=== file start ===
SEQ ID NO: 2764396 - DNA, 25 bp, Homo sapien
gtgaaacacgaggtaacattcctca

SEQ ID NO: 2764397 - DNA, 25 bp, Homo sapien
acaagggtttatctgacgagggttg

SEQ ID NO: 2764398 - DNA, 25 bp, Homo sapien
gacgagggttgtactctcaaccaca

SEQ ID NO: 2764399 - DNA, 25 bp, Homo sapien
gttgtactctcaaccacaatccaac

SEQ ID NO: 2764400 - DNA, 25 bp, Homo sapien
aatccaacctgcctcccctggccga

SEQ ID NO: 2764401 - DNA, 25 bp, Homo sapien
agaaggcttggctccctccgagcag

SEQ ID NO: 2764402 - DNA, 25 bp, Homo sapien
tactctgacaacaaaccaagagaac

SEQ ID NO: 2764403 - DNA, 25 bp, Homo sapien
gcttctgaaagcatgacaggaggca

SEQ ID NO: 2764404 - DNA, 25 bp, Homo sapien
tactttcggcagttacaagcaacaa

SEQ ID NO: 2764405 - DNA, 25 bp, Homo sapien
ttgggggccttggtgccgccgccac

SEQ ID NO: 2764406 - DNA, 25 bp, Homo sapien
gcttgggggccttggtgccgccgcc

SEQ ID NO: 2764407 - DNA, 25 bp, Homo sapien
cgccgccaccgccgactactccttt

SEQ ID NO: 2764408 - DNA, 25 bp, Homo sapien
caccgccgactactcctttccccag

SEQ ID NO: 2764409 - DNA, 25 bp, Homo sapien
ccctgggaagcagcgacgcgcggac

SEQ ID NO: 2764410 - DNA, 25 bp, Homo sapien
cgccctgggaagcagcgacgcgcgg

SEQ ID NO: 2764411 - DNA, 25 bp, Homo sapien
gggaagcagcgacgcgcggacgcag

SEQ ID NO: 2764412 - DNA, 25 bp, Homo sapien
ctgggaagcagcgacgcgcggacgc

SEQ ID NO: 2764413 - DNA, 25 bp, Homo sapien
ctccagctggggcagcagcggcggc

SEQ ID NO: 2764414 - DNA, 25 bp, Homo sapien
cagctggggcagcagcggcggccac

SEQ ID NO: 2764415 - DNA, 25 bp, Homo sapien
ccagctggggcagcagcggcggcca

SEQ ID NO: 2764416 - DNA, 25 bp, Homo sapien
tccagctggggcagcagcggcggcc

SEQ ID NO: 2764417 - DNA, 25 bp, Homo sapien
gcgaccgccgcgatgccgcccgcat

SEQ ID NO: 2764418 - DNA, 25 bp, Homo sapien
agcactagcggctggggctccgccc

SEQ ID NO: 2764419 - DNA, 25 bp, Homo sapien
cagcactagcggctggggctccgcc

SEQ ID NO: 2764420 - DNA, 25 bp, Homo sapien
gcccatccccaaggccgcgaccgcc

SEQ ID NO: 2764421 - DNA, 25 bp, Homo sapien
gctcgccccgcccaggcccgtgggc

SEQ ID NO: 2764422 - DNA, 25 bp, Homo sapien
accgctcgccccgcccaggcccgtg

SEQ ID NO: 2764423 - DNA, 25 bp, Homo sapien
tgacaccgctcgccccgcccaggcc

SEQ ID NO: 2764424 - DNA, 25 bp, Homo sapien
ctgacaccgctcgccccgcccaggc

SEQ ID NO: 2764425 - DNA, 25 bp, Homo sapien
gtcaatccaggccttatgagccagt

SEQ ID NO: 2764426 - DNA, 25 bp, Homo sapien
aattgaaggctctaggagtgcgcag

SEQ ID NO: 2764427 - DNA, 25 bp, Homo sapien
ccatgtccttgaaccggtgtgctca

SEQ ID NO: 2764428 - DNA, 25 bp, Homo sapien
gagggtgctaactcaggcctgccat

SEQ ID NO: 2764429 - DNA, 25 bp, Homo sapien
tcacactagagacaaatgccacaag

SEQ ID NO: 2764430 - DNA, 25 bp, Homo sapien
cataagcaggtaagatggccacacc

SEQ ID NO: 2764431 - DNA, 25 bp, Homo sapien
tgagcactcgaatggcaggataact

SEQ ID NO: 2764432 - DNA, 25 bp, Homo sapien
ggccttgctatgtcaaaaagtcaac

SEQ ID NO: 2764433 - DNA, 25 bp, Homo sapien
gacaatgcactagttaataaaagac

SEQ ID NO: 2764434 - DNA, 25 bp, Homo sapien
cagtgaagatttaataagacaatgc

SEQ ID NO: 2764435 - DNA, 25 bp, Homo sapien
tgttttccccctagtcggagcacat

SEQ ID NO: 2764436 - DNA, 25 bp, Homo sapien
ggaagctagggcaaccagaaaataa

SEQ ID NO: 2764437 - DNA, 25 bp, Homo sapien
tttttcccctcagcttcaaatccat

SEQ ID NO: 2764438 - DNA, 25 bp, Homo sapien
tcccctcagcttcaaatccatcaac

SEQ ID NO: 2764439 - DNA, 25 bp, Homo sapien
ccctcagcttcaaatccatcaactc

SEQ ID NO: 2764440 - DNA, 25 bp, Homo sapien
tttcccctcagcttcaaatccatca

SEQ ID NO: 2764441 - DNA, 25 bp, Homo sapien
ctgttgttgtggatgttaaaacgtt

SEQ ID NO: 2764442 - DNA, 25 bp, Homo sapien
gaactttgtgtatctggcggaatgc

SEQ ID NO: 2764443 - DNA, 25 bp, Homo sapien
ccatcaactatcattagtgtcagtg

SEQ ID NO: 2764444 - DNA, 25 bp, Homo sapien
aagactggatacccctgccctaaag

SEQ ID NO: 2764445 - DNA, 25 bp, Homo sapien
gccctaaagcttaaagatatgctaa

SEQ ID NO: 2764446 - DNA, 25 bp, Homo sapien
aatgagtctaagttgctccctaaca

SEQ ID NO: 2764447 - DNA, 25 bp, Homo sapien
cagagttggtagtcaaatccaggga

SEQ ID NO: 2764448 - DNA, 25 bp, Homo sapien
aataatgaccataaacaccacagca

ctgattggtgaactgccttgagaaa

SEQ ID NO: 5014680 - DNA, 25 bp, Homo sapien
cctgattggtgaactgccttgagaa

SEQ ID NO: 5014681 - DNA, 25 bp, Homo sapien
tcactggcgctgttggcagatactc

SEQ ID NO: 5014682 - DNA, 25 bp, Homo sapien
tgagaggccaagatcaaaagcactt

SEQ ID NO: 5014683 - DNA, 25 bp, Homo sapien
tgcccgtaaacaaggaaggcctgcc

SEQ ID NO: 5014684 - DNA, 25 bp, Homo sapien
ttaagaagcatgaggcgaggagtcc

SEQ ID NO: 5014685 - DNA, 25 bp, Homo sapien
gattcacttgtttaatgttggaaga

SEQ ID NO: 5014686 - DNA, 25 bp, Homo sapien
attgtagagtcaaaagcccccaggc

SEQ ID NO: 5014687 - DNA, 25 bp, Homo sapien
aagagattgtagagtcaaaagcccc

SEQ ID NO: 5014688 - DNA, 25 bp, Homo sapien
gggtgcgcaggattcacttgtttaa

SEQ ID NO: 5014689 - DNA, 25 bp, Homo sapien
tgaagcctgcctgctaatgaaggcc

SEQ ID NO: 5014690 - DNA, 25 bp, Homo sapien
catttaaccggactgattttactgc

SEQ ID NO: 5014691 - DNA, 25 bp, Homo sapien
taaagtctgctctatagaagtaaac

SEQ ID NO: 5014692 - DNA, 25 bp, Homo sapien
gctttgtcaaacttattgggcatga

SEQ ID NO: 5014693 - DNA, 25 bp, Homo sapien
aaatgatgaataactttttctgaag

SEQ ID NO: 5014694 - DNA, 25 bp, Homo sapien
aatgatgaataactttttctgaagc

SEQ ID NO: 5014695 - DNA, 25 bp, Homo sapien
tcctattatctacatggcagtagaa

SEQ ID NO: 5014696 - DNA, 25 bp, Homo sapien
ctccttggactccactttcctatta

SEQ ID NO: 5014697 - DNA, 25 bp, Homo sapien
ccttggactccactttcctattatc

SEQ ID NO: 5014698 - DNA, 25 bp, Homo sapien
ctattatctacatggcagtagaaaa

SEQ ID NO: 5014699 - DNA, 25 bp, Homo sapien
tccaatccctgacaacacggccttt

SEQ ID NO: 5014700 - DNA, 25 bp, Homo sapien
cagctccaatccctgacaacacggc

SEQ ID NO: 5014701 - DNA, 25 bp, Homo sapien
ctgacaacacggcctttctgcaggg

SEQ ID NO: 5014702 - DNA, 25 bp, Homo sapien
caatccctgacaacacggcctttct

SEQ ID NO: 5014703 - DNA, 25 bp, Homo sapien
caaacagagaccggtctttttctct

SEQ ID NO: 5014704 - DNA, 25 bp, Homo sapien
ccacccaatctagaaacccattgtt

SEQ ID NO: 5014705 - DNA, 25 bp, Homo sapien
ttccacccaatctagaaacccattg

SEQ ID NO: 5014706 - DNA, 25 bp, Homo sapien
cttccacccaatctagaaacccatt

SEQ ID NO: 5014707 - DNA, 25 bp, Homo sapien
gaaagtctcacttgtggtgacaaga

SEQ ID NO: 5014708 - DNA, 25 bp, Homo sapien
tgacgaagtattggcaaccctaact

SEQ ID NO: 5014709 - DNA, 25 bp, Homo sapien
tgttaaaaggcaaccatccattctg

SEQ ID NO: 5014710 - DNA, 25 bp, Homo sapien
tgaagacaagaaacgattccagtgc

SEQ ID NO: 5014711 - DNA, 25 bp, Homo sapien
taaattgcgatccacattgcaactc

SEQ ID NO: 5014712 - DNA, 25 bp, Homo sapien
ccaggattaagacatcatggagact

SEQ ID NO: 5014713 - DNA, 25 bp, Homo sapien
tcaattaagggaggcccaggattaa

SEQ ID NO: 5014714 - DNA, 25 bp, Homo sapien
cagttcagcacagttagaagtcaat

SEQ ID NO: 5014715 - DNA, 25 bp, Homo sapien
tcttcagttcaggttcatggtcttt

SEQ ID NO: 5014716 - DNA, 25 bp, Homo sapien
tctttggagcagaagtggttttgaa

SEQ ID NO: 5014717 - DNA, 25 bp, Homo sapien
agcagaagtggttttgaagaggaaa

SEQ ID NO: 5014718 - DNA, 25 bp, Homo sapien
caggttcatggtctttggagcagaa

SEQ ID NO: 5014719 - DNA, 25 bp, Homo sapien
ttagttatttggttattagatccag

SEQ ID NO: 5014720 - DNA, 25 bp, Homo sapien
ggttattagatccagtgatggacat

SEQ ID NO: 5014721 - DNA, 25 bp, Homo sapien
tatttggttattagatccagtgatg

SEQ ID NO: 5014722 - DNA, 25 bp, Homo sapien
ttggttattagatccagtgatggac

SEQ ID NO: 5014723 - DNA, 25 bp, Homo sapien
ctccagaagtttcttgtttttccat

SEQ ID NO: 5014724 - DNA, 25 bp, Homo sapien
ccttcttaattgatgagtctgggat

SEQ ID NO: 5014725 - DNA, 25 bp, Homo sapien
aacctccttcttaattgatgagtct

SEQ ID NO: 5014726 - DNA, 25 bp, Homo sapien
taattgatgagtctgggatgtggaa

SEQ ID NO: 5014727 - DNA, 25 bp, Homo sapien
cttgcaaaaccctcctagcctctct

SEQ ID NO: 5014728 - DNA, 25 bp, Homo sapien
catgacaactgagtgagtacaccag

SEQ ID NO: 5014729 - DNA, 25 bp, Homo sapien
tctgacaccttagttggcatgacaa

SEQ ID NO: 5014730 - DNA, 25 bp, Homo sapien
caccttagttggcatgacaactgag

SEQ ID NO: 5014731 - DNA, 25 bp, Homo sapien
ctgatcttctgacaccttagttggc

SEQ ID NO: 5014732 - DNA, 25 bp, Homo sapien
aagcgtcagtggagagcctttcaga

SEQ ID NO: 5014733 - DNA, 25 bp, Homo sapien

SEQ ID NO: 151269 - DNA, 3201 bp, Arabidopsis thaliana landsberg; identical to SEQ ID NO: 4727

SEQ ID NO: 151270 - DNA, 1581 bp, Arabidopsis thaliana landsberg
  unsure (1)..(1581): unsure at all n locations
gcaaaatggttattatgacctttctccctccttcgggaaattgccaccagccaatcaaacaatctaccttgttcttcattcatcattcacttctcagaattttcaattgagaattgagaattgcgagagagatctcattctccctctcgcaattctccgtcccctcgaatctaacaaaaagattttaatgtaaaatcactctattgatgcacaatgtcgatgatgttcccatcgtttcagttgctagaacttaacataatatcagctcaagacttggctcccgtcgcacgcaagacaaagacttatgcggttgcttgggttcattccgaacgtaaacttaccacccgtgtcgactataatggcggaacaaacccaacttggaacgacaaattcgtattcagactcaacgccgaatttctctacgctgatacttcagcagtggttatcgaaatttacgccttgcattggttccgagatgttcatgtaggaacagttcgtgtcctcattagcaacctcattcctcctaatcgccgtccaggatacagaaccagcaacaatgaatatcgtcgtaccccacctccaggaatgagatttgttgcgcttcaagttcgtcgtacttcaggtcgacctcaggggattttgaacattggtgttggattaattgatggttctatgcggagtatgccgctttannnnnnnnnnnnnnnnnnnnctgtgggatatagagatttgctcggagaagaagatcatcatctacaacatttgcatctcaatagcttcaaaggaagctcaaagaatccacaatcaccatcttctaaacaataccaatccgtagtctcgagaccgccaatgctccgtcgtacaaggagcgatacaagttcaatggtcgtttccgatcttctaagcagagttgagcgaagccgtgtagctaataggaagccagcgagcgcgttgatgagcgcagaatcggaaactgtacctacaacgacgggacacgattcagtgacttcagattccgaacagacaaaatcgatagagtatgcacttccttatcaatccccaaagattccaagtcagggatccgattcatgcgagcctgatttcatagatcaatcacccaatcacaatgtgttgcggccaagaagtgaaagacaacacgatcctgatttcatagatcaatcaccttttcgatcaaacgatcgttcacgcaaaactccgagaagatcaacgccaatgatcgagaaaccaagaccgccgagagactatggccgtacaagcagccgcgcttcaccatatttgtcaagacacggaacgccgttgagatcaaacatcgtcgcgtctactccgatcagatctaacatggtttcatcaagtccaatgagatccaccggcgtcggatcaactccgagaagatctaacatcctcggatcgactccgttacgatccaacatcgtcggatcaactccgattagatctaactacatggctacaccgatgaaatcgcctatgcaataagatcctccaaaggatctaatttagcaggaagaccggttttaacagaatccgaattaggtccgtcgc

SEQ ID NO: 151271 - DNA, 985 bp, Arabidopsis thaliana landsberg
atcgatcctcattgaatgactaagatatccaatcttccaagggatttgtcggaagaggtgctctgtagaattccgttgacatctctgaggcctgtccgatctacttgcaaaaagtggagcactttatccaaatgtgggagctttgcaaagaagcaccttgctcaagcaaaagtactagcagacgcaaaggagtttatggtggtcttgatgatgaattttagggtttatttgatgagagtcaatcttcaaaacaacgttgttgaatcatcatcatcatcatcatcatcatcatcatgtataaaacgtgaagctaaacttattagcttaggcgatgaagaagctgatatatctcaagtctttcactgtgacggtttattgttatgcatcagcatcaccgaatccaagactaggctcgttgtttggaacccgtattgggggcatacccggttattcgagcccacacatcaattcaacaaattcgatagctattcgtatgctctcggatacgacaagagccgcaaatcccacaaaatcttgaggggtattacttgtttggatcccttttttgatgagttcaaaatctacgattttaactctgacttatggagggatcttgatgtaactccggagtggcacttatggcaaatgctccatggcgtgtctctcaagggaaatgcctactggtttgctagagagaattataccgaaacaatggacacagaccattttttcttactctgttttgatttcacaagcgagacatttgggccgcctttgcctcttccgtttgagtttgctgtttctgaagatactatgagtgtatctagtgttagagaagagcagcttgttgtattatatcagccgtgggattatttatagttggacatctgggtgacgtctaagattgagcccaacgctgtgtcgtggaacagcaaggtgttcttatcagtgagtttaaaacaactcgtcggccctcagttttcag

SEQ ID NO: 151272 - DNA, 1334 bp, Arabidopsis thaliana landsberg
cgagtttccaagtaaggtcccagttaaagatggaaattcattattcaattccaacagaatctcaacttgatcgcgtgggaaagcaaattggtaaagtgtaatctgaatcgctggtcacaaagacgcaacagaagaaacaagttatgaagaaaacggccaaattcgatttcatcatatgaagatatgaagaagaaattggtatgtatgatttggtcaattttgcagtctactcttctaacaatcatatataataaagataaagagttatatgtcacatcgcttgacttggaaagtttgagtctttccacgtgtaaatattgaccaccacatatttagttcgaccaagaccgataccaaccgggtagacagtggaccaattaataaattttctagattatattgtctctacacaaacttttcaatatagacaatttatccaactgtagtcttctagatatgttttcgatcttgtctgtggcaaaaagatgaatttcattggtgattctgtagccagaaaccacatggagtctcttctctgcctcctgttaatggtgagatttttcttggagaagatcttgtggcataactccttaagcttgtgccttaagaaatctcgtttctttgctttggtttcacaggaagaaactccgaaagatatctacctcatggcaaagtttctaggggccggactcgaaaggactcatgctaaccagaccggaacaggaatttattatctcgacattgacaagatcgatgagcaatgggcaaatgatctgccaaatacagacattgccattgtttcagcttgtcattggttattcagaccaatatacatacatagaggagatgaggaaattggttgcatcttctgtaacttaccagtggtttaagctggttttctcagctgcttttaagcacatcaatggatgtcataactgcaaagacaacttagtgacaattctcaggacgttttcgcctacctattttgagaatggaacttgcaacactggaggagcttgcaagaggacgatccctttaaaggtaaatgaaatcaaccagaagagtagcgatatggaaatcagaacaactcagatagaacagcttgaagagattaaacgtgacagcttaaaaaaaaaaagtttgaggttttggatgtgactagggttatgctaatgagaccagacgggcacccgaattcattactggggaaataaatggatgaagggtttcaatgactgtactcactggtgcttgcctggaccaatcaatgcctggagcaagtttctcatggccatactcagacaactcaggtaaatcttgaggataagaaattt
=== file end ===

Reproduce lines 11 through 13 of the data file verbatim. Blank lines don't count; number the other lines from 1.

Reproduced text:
SEQ ID NO: 2764401 - DNA, 25 bp, Homo sapien
agaaggcttggctccctccgagcag

SEQ ID NO: 2764402 - DNA, 25 bp, Homo sapien